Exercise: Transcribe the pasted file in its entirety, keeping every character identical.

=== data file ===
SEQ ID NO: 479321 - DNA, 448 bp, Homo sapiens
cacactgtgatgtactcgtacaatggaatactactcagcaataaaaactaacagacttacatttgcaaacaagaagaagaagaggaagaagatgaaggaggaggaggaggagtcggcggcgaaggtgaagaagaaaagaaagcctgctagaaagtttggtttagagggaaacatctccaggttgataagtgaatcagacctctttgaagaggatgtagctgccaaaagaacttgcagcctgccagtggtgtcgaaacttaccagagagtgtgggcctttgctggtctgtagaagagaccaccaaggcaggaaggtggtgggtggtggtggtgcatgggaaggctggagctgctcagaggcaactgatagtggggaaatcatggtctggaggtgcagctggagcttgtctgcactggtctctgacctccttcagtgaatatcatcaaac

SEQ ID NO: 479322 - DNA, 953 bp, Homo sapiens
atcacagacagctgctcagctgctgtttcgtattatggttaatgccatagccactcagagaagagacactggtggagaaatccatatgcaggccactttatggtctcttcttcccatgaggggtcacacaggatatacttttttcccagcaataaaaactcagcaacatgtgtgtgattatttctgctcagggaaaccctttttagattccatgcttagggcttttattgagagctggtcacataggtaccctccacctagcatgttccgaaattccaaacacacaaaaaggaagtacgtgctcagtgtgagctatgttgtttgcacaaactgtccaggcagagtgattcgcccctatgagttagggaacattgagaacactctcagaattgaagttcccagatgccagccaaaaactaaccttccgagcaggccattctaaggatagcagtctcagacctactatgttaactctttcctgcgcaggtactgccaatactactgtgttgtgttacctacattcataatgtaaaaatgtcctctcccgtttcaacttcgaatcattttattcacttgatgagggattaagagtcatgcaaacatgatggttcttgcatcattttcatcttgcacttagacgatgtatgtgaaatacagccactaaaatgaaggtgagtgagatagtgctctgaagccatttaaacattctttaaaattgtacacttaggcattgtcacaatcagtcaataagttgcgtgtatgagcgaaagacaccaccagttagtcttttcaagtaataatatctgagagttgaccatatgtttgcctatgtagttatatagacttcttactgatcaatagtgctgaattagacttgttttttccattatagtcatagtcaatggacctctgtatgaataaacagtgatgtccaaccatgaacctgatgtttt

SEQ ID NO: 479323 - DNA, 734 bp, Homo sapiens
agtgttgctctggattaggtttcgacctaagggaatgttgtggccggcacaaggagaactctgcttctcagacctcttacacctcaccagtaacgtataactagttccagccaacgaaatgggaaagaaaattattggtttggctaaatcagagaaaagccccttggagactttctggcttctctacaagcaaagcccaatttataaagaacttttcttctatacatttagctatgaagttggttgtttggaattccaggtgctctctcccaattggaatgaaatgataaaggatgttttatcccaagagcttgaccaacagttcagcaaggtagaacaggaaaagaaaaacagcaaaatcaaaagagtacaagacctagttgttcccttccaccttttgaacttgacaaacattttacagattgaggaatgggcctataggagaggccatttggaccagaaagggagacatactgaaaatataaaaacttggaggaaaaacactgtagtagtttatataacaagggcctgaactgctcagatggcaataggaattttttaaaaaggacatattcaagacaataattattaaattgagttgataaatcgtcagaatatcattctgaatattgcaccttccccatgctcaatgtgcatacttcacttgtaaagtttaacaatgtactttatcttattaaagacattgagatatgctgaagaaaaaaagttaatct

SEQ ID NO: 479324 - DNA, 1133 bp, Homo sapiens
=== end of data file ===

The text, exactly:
SEQ ID NO: 479321 - DNA, 448 bp, Homo sapiens
cacactgtgatgtactcgtacaatggaatactactcagcaataaaaactaacagacttacatttgcaaacaagaagaagaagaggaagaagatgaaggaggaggaggaggagtcggcggcgaaggtgaagaagaaaagaaagcctgctagaaagtttggtttagagggaaacatctccaggttgataagtgaatcagacctctttgaagaggatgtagctgccaaaagaacttgcagcctgccagtggtgtcgaaacttaccagagagtgtgggcctttgctggtctgtagaagagaccaccaaggcaggaaggtggtgggtggtggtggtgcatgggaaggctggagctgctcagaggcaactgatagtggggaaatcatggtctggaggtgcagctggagcttgtctgcactggtctctgacctccttcagtgaatatcatcaaac

SEQ ID NO: 479322 - DNA, 953 bp, Homo sapiens
atcacagacagctgctcagctgctgtttcgtattatggttaatgccatagccactcagagaagagacactggtggagaaatccatatgcaggccactttatggtctcttcttcccatgaggggtcacacaggatatacttttttcccagcaataaaaactcagcaacatgtgtgtgattatttctgctcagggaaaccctttttagattccatgcttagggcttttattgagagctggtcacataggtaccctccacctagcatgttccgaaattccaaacacacaaaaaggaagtacgtgctcagtgtgagctatgttgtttgcacaaactgtccaggcagagtgattcgcccctatgagttagggaacattgagaacactctcagaattgaagttcccagatgccagccaaaaactaaccttccgagcaggccattctaaggatagcagtctcagacctactatgttaactctttcctgcgcaggtactgccaatactactgtgttgtgttacctacattcataatgtaaaaatgtcctctcccgtttcaacttcgaatcattttattcacttgatgagggattaagagtcatgcaaacatgatggttcttgcatcattttcatcttgcacttagacgatgtatgtgaaatacagccactaaaatgaaggtgagtgagatagtgctctgaagccatttaaacattctttaaaattgtacacttaggcattgtcacaatcagtcaataagttgcgtgtatgagcgaaagacaccaccagttagtcttttcaagtaataatatctgagagttgaccatatgtttgcctatgtagttatatagacttcttactgatcaatagtgctgaattagacttgttttttccattatagtcatagtcaatggacctctgtatgaataaacagtgatgtccaaccatgaacctgatgtttt

SEQ ID NO: 479323 - DNA, 734 bp, Homo sapiens
agtgttgctctggattaggtttcgacctaagggaatgttgtggccggcacaaggagaactctgcttctcagacctcttacacctcaccagtaacgtataactagttccagccaacgaaatgggaaagaaaattattggtttggctaaatcagagaaaagccccttggagactttctggcttctctacaagcaaagcccaatttataaagaacttttcttctatacatttagctatgaagttggttgtttggaattccaggtgctctctcccaattggaatgaaatgataaaggatgttttatcccaagagcttgaccaacagttcagcaaggtagaacaggaaaagaaaaacagcaaaatcaaaagagtacaagacctagttgttcccttccaccttttgaacttgacaaacattttacagattgaggaatgggcctataggagaggccatttggaccagaaagggagacatactgaaaatataaaaacttggaggaaaaacactgtagtagtttatataacaagggcctgaactgctcagatggcaataggaattttttaaaaaggacatattcaagacaataattattaaattgagttgataaatcgtcagaatatcattctgaatattgcaccttccccatgctcaatgtgcatacttcacttgtaaagtttaacaatgtactttatcttattaaagacattgagatatgctgaagaaaaaaagttaatct

SEQ ID NO: 479324 - DNA, 1133 bp, Homo sapiens